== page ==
5. What does winning look like

While sports have a clear definition of what winning is, whether it’s the grand final or a gold medal, that’s what athletes know they’re aiming for. But what does winning look like in our industry?  That needs to be defined, whether it’s increase growth, increase profit, improve customer service measures or even greater community recognition. If we don’t set out what winning is for our team then the result is logical – we will be average at the best. Whilst everybody bangs on about setting goals, it is the basic element of winning; we can’t enjoy success or winning if we don’t know how to measure it. Spend some time defining what winning will mean for your team. Document it, advertise it, and make sure everybody understands what winning will look like in your club, then filter that down to what winning will look like for individuals within your organisation.  Don’t tolerate mediocrity. Setting ambitious but clear and quantitative goals is imperative to define a clear definition on what is winning and removing any uncertainty on how it will be measured.

6. Empower

Don’t micromanage.  If you find a degree of micromanaging is necessary in your team then you have employed the wrong people.  Empower employees to do what they do best. That doesn’t mean not to oversee or supervise their work, it means a healthy balance where individuals and teams can exercise their enthusiasm, empowering the individualism, thinking for themselves, and allowing them to demonstrate their passion for winning, means the organisation will win.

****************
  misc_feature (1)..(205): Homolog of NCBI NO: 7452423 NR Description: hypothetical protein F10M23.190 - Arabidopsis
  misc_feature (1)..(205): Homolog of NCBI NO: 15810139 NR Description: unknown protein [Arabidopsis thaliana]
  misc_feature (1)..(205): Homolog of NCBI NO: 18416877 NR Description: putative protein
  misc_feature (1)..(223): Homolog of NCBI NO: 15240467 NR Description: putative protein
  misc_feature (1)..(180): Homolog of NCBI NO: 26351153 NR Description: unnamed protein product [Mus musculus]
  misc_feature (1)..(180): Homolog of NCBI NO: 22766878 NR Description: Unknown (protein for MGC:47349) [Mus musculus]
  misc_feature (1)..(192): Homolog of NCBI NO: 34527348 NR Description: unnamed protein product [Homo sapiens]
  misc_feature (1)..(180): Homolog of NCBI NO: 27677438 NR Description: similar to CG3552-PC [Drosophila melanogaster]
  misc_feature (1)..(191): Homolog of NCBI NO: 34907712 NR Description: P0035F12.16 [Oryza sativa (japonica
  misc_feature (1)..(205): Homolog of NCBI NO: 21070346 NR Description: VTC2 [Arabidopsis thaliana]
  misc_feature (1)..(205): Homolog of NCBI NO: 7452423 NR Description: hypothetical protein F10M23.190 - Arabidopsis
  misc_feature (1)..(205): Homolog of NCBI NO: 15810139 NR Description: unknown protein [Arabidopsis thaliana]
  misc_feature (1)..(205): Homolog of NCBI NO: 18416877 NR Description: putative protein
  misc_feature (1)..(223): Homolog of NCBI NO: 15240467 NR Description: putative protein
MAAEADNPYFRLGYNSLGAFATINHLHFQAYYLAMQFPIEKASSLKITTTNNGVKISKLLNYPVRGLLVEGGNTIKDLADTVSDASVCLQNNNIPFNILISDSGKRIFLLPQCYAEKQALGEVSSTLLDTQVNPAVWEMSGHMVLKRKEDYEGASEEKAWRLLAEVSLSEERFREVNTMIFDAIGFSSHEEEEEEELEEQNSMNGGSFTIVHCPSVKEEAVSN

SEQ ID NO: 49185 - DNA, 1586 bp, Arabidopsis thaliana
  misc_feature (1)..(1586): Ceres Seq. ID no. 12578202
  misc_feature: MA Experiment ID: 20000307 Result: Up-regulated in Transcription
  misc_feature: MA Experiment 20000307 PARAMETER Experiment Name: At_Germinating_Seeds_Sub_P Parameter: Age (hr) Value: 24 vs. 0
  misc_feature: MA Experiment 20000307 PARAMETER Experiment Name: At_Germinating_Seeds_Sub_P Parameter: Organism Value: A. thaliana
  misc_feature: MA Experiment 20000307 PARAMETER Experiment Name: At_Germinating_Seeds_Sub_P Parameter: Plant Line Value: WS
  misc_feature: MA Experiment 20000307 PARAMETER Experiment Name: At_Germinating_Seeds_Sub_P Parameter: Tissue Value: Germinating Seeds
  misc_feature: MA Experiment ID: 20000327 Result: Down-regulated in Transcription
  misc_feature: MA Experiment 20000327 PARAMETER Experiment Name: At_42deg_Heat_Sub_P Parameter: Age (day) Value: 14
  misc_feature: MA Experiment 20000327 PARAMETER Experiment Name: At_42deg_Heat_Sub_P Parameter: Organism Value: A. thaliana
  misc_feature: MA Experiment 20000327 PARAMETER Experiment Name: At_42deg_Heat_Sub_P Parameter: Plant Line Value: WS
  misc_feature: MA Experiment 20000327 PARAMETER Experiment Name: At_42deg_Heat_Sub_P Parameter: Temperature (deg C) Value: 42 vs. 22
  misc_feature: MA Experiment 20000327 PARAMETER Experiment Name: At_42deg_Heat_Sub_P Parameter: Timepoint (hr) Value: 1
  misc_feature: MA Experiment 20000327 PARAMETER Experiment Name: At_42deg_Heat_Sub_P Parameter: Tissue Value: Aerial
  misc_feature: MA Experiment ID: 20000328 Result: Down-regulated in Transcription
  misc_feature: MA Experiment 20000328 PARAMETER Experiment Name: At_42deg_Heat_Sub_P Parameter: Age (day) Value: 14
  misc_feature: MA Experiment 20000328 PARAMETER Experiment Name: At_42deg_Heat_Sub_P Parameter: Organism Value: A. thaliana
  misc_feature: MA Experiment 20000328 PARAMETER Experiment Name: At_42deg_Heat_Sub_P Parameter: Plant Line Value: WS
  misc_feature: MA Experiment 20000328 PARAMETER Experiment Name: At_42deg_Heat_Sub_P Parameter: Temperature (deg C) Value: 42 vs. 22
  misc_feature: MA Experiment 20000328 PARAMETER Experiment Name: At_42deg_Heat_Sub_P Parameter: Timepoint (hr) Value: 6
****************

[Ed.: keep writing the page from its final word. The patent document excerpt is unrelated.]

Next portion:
7. Make the hard call

People do change.  They may be influenced by a range of issues internally and externally, so a passion for winning can wane.  Winning leaders need to be on the lookout for team members who are losing this star, ways need to be assessed on how to reinvigorate team members or groups to stay on the winning path. But as we see in business and sport, often difficult calls must be made.  It’s the strong and successful leaders who will face up to their responsibility of making these difficult calls and perhaps assisting staff who have lost their enthusiasm for winning in their team, to find another path.

8. Rewards

By creating an organisation of winners, the rewards are in the culture a leader creates, a sense of belonging, stability as well as the number one reward the opportunity to win.  Dollars become secondary in these enthusiastic winning teams because leaders know their worth and have rewarded them with benefits well in advance.

John Dickson | | 0417 721 942